The economic data continues to show a very healthy U.S. economy.
Retail sales (how much you’re spending at stores) in the last three months of 2017 were the best since 2010. Spending for the entire quarter may be slightly inflated due to post-hurricane spending in the wake of Hurricanes Harvey and Irma, but Simply Money Advisors is optimistic about continued strong consumer spending for 2018.
Once paycheck tax withholdings change in February and you start seeing an increase in your take-home pay, it's not unrealistic to expect you, the consumer, to keep spending at your current rate.
Up until now, consumers like you have been dipping into your savings to sustain spending levels as evidenced by the 10-year low savings rate of 2.9%. The tax cut should help you maintain your spending level while hopefully allowing you to build up your savings.
Economists are worried about inflation rising, which may force the Federal Reserve (Fed), our nation’s central bank, to raise short-term interest rates to counteract this. Last week's inflation data showed “Core CPI” (consumer prices without food and energy prices) increased to 1.8% from 1.7%.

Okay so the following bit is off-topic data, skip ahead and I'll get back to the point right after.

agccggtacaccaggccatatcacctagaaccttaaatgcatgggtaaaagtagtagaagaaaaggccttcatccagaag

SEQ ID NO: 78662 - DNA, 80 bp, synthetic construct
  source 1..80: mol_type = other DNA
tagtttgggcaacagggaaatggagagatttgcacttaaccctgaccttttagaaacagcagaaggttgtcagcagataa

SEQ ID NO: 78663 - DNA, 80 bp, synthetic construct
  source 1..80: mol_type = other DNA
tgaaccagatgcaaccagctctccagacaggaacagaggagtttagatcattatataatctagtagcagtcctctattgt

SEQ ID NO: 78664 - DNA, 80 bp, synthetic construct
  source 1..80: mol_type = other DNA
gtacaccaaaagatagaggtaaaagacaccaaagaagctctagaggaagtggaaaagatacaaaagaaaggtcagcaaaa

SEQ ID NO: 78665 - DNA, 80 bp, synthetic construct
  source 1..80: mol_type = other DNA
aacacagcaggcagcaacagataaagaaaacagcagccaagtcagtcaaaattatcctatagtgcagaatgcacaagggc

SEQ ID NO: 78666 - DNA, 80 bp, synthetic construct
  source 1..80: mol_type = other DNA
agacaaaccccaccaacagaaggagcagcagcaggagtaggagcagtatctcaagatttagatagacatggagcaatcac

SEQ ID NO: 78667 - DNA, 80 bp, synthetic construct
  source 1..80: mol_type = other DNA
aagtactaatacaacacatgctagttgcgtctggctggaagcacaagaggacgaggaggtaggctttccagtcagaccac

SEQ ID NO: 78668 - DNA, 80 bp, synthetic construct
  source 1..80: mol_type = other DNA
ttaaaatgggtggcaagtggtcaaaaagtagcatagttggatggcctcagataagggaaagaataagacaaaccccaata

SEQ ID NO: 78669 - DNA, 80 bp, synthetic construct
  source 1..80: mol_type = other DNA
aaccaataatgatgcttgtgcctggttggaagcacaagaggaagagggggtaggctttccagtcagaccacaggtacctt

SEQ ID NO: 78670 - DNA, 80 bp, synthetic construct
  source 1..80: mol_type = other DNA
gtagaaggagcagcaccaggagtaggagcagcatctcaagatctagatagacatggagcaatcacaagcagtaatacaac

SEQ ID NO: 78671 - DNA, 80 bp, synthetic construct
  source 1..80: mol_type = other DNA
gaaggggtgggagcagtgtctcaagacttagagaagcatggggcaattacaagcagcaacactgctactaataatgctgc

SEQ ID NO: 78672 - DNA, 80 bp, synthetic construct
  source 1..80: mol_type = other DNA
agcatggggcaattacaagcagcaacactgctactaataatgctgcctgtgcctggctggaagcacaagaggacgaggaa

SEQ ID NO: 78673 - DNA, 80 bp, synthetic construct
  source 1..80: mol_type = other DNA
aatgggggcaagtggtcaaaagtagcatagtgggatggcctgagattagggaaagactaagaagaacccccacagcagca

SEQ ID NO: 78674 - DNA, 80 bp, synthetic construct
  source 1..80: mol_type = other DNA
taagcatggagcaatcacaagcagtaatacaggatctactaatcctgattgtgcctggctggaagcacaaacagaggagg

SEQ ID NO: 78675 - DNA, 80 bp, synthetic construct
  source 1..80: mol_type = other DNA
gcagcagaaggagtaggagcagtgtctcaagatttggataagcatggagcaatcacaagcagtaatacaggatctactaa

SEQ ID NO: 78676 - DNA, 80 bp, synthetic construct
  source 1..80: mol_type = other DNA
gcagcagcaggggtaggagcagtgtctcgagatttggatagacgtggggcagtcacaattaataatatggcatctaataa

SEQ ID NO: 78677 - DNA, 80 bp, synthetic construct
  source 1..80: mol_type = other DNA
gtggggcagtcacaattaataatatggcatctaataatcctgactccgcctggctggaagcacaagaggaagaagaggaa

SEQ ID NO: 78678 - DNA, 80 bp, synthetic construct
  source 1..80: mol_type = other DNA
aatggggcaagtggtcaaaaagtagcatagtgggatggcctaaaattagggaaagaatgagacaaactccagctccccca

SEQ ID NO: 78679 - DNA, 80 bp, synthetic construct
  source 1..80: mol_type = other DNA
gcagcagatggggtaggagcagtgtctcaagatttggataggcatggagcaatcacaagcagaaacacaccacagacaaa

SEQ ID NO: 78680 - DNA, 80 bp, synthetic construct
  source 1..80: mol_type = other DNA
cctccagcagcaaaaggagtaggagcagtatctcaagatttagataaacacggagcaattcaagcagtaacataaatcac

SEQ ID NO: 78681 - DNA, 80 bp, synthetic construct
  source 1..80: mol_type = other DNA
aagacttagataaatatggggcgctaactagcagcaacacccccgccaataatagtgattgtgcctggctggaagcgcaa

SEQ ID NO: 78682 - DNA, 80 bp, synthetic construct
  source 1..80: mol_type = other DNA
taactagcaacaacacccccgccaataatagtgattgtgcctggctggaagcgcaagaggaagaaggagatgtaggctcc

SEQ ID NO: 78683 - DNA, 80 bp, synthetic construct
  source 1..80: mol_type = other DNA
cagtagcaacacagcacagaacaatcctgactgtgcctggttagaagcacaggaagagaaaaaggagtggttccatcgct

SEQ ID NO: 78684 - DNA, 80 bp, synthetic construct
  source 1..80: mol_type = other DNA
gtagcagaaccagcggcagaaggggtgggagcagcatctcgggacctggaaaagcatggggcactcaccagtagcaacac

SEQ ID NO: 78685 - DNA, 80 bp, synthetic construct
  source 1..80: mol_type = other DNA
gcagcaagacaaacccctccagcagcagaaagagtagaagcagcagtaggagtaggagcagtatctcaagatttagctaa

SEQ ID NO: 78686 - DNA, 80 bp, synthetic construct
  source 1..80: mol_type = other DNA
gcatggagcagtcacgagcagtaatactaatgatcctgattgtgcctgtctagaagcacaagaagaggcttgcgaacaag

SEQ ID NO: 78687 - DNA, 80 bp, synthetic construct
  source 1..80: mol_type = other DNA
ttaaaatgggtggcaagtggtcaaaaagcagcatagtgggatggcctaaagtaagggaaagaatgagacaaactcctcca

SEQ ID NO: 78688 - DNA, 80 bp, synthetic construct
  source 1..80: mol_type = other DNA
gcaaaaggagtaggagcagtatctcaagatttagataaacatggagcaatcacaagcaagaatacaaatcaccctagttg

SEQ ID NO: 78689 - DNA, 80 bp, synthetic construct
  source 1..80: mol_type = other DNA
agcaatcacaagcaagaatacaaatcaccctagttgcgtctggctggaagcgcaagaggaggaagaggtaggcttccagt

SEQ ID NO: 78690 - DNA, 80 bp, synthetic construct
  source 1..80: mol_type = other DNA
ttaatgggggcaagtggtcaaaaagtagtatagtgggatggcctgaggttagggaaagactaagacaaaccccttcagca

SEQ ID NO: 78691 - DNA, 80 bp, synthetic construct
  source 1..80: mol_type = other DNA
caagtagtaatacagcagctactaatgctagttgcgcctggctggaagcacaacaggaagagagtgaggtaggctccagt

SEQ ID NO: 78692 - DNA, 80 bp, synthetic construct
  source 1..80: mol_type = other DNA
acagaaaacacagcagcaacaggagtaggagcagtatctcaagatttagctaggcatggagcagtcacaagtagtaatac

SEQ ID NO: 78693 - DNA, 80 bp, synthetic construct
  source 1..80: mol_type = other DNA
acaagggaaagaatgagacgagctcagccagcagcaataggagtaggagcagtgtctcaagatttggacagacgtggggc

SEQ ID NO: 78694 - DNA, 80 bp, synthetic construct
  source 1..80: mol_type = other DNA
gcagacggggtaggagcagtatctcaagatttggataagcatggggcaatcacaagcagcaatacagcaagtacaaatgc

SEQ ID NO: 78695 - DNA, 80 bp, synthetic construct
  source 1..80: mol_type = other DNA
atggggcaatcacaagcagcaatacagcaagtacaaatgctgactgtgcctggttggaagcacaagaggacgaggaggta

These higher prices were due to the price of goods rising, while the cost of services has remained stable. Simply Money Advisors is not worried about broad inflation going much higher because the cost of inputs for goods is not increasing. This is one of the reasons we believe the Fed will raise short-term interest rates only two or three times in 2018.
Currently, the U.S. economy is very healthy, and this should lead to stronger corporate profits. Earnings season is starting to pick up now, and we expect profits to continue to rise. This matters to you and affects your investments because stock prices and earnings have historically moved together.
In other words, rising corporate profits have resulted in rising stock prices.
The Simply Money Point
Simply Money Advisors believes that the growing economy and lower corporate taxes will translate into higher corporate profits throughout all of 2018. This should be good news for your investment mix.